More information

MATERIALS. Why do things break? Why are some materials stronger than others? Why is steel tough? Why is glass brittle?

MATERIALS. Why do things break? Why are some materials stronger than others? Why is steel tough? Why is glass brittle? MATERIALS Why do things break? Why are some materials stronger than others? Why is steel tough? Why is glass brittle? What is toughness? strength? brittleness? Elemental material atoms: A. Composition

More information

March 24, Chapter 4. Deflection and Stiffness. Dr. Mohammad Suliman Abuhaiba, PE

March 24, Chapter 4. Deflection and Stiffness. Dr. Mohammad Suliman Abuhaiba, PE Chapter 4 Deflection and Stiffness 1 2 Chapter Outline Spring Rates Tension, Compression, and Torsion Deflection Due to Bending Beam Deflection Methods Beam Deflections by Superposition Strain Energy Castigliano

More information

Chapter 7. Highlights:

Chapter 7. Highlights: Chapter 7 Highlights: 1. Understand the basic concepts of engineering stress and strain, yield strength, tensile strength, Young's(elastic) modulus, ductility, toughness, resilience, true stress and true

More information

FRACTURE MECHANICS FOR MEMBRANES

FRACTURE MECHANICS FOR MEMBRANES FRACTURE MECHANICS FOR MEMBRANES Chong Li, Rogelio Espinosa and Per Ståhle Solid Mechanics, Malmö University SE 205 06 Malmö, Sweden chong.li@ts.mah.se Abstract During fracture of membranes loading often

More information

FLAC3D analysis on soil moving through piles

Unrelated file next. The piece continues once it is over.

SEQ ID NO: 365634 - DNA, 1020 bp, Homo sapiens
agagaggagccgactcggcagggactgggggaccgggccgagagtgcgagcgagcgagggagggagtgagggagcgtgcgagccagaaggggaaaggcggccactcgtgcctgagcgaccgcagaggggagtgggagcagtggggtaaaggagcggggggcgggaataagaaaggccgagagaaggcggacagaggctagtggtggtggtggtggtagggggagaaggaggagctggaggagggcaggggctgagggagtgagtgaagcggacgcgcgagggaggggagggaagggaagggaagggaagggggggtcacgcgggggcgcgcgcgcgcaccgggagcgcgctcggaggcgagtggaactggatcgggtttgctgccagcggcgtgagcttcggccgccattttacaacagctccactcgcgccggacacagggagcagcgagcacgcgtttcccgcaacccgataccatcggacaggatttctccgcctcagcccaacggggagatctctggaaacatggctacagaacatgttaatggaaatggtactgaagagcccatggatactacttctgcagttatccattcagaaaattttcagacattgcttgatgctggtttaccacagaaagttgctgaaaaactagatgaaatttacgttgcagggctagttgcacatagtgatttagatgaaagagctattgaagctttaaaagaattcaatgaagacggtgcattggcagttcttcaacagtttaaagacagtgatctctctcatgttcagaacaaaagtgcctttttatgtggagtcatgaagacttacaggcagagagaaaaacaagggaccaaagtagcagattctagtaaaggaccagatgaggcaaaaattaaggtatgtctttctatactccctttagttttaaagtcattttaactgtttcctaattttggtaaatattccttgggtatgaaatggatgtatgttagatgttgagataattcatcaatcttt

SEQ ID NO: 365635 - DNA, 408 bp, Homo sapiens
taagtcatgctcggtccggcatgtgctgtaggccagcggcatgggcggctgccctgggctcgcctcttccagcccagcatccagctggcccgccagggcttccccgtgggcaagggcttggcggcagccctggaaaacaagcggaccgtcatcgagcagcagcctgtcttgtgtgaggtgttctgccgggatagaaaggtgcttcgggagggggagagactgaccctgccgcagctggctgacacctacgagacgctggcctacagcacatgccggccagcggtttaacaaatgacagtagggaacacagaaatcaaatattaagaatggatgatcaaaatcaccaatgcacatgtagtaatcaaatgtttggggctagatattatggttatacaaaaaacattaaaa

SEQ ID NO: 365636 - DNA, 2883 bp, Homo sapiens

FLAC3D analysis on soil moving through piles University of Wollongong Research Online Faculty of Engineering - Papers (Archive) Faculty of Engineering and Information Sciences 211 FLAC3D analysis on soil moving through piles E H. Ghee Griffith University

More information

Deflections and Strains in Cracked Shafts due to Rotating Loads: A Numerical and Experimental Analysis

Deflections and Strains in Cracked Shafts due to Rotating Loads: A Numerical and Experimental Analysis Rotating Machinery, 10(4): 283 291, 2004 Copyright c Taylor & Francis Inc. ISSN: 1023-621X print / 1542-3034 online DOI: 10.1080/10236210490447728 Deflections and Strains in Cracked Shafts due to Rotating

More information

3.032 Problem Set 2 Solutions Fall 2007 Due: Start of Lecture,

3.032 Problem Set 2 Solutions Fall 2007 Due: Start of Lecture, 3.032 Problem Set 2 Solutions Fall 2007 Due: Start of Lecture, 09.21.07 1. In the beam considered in PS1, steel beams carried the distributed weight of the rooms above. To reduce stress on the beam, it

More information

EMA 3702 Mechanics & Materials Science (Mechanics of Materials) Chapter 2 Stress & Strain - Axial Loading